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Thanksgiving Sides: Fried Green Tomatoes, Savory Pumpkin

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Sweet Potatoes, Thanksgiving And Beyond

Roasted, scalloped, fried, or mashed-sweet potatoes belong as a staple vegetable in everyone's kitchen.

At least food writer and political science lecturer Christine Barbour seems to think so. She was introduced to sweet potatoes as a young child at Thanksgiving, but she has since developed a complex relationship with this tuber. She loves to mash them with orange juice and butter, or add curry powder and lime to give them a sharper flavor. Or, she will fry them and drizzle shag bark hickory syrup on top.

But it was her mother's Caramelized Sweet Potato recipe that won her over as a child. She describes the dish as boiled and peeled sweet potatoes bathed in a caramel of brown sugar, cinnamon, and butter. "And we would always put a little bit of salt in it to get that salted-caramel flavor, which now is a trendy thing but was so odd at the time."

More: Check out Christine Barbour's Caramelized Sweet Potato recipe. Try making it for your Thanksgiving feast this year!

Fried Green Tomatoes

At the end of the season, pick all your tomatoes even if they're still green. Wrap them in newspaper and store them in a box in a cool dark place or in the bottom of your refrigerator. They'll keep for a long time.


  • 4 green tomatoes (large)
  • 3 eggs, beaten
  • 1/2 cup buttermilk
  • 1 1/2 cup cornmeal
  • 1/4 cup Parmesan cheese
  • 1 teaspoon granulated garlic
  • 1 teaspoon Greek garlic spice blend
  • 1 cup all-purpose flour
  • salt and pepper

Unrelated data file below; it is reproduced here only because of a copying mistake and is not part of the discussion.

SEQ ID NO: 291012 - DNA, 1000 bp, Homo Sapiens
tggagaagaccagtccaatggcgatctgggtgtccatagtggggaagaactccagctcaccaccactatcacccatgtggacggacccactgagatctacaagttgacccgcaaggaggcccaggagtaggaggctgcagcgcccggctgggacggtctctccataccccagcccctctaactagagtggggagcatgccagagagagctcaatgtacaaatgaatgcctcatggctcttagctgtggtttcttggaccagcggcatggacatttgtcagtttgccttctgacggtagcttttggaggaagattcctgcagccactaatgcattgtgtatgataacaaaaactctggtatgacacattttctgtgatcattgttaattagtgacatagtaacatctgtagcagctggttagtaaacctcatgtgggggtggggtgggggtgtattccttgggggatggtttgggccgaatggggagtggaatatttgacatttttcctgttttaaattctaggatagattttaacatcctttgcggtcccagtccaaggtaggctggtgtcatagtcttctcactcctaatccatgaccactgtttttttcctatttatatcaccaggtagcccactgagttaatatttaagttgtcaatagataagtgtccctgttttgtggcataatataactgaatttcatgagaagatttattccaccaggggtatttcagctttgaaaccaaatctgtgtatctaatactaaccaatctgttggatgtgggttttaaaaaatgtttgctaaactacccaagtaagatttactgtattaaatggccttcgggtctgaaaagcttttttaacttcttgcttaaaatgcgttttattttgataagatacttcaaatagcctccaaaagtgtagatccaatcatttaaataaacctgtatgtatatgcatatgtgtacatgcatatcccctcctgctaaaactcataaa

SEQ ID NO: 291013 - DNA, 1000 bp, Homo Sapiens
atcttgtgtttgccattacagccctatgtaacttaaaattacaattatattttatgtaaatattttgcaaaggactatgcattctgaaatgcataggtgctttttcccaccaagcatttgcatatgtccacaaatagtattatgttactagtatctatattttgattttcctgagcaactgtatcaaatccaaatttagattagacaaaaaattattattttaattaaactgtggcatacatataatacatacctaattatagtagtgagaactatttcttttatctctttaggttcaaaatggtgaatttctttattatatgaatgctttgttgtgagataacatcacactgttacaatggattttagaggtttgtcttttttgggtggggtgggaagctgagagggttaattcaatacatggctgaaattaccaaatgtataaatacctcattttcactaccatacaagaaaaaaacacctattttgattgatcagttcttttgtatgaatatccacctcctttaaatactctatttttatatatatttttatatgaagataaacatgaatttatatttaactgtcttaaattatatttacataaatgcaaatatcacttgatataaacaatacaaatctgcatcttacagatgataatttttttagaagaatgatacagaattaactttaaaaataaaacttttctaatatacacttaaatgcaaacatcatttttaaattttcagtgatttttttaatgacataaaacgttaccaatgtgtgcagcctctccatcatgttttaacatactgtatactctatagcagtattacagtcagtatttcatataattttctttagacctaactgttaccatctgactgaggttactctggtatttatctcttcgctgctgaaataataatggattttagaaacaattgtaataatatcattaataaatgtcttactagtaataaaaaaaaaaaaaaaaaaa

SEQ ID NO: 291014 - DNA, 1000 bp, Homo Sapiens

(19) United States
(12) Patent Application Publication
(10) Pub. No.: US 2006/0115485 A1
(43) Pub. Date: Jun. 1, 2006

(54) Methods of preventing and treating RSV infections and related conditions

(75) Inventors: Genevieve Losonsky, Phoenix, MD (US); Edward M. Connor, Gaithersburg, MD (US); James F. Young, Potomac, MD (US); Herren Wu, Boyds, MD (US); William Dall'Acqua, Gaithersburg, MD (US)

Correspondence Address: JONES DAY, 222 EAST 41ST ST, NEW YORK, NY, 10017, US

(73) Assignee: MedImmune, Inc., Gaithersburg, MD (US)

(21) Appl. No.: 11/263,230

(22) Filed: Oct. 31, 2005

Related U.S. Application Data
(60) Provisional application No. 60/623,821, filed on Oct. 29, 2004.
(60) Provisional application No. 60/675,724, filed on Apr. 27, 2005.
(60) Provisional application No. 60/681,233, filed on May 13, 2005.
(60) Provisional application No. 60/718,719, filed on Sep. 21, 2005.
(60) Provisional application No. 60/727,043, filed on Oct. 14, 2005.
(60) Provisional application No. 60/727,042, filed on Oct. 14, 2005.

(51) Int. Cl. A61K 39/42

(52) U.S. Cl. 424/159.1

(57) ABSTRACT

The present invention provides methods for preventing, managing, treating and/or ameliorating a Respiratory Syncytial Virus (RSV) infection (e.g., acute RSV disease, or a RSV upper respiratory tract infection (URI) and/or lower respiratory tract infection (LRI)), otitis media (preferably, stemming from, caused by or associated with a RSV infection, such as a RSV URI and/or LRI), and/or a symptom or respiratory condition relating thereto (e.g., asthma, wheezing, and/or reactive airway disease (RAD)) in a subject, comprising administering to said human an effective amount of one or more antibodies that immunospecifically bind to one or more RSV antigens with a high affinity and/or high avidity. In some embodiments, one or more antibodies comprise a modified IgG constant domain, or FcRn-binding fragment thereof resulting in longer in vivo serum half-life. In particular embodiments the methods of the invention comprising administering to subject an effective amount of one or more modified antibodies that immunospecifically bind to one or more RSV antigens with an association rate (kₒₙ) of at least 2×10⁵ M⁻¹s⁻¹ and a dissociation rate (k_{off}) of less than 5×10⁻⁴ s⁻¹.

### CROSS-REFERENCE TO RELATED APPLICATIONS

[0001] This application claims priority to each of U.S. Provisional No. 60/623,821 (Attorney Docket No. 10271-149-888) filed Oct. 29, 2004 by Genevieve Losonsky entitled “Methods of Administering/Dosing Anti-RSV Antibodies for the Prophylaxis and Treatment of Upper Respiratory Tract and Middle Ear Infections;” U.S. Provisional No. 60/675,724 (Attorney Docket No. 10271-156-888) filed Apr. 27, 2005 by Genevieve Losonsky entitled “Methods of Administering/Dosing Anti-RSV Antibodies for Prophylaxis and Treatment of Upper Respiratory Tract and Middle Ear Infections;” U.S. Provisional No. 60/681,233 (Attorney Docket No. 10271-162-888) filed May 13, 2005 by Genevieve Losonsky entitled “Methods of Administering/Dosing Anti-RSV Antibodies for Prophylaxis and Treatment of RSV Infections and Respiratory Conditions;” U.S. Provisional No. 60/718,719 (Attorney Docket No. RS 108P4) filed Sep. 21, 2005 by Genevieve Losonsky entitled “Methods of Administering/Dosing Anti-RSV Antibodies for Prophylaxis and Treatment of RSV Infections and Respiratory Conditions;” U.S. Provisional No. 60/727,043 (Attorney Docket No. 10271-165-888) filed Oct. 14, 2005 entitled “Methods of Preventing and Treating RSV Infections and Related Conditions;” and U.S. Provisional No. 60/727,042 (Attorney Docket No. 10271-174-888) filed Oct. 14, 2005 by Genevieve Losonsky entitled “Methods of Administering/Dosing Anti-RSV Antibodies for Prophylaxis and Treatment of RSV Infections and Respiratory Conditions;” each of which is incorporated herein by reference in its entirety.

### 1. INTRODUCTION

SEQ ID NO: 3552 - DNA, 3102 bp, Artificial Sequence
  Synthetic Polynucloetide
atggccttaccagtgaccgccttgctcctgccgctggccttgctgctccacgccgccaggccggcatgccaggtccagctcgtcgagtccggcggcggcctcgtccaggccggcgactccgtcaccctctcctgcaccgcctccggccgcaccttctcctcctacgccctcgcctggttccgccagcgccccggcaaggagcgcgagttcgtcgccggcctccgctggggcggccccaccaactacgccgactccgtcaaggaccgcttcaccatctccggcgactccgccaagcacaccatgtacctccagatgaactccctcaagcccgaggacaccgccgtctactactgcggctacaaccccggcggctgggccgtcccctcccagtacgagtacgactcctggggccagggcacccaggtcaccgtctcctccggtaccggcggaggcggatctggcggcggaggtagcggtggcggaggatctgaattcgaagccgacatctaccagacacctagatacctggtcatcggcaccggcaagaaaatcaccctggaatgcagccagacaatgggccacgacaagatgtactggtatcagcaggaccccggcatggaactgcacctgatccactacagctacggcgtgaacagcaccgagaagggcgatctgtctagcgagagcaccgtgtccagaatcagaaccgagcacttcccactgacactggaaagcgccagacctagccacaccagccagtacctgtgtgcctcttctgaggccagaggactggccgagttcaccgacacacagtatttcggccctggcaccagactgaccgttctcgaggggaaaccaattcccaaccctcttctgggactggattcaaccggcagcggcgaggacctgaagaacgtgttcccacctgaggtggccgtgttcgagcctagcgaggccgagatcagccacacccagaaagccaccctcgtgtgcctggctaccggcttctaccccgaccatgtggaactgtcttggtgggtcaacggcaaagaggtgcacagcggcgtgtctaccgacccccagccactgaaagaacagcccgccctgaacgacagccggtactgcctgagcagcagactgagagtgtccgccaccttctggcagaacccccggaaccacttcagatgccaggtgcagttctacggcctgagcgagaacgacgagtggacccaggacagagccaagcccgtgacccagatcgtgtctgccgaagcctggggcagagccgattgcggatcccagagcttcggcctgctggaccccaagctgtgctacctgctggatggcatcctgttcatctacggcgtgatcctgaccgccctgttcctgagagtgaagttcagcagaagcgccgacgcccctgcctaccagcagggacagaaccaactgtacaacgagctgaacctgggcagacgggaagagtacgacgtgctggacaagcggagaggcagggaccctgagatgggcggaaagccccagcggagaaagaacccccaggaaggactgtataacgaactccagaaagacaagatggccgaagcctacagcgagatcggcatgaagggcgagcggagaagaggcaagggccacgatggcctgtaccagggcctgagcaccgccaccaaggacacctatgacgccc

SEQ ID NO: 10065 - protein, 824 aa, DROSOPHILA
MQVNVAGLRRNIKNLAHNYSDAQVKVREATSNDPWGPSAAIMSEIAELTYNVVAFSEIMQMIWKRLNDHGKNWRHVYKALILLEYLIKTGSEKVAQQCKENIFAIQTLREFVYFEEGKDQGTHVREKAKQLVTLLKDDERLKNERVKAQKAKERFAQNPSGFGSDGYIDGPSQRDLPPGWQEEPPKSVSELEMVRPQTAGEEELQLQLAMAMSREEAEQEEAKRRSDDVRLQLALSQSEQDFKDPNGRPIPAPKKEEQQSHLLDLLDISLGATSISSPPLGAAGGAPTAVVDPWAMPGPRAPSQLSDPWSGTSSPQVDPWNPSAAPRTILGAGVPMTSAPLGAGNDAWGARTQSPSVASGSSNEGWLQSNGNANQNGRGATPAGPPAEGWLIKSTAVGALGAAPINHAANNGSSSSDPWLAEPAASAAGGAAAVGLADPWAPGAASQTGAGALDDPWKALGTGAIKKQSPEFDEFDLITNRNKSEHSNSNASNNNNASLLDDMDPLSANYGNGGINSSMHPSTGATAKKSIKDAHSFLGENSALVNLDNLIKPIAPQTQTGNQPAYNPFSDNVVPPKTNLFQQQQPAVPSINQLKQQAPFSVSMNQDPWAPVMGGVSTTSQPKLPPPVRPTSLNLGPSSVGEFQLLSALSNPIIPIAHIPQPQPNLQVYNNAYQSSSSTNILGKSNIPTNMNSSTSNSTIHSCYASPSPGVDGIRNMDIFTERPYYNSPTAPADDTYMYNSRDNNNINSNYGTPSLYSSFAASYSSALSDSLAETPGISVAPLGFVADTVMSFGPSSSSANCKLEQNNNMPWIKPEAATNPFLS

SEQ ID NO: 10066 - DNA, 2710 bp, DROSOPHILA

• oil for frying


  1. Core and slice tomatoes.
  2. Whisk together eggs and buttermilk.
  3. Mix cornmeal, Parmesan, garlic, and spices.
  4. Season flour with salt and pepper.
  5. Dredge tomato slices through a standard breading procedure (flour, egg, then breading).
  6. Fry until crispy.

More: Get more info about the fancy nutrient-rich cornmeal used in this recipe by reading Orange Corn Jam-Packed With Vitamin A, Fights Childhood Blindness.

Savory Sauteed Pumpkin Slices


  • 1 (2-pound) pumpkin, good meaty French variety
  • 1 teaspoon Chinese 5-spice powder
  • 2 teaspoons raw sugar
  • sea salt
  • 5 tablespoons good olive oil
  • 2 lemons
  • toasted pumpkin seeds


  1. Peel and seed pumpkin. Cut into 1/3-inch slices. Toss in olive oil.
  2. Toss spices, sugar and salt in another bowl and pour over pumpkin slices.
  3. Saute in a nonstick pan until caramelized. Turn and color other side lightly. Remove from pan and season with lemon juice.
  4. Sprinkle with toasted pumpkin seeds.

More: Explore all of our Anything-But-Pie Pumpkins recipes, courtesy of Sarah Kaiser.

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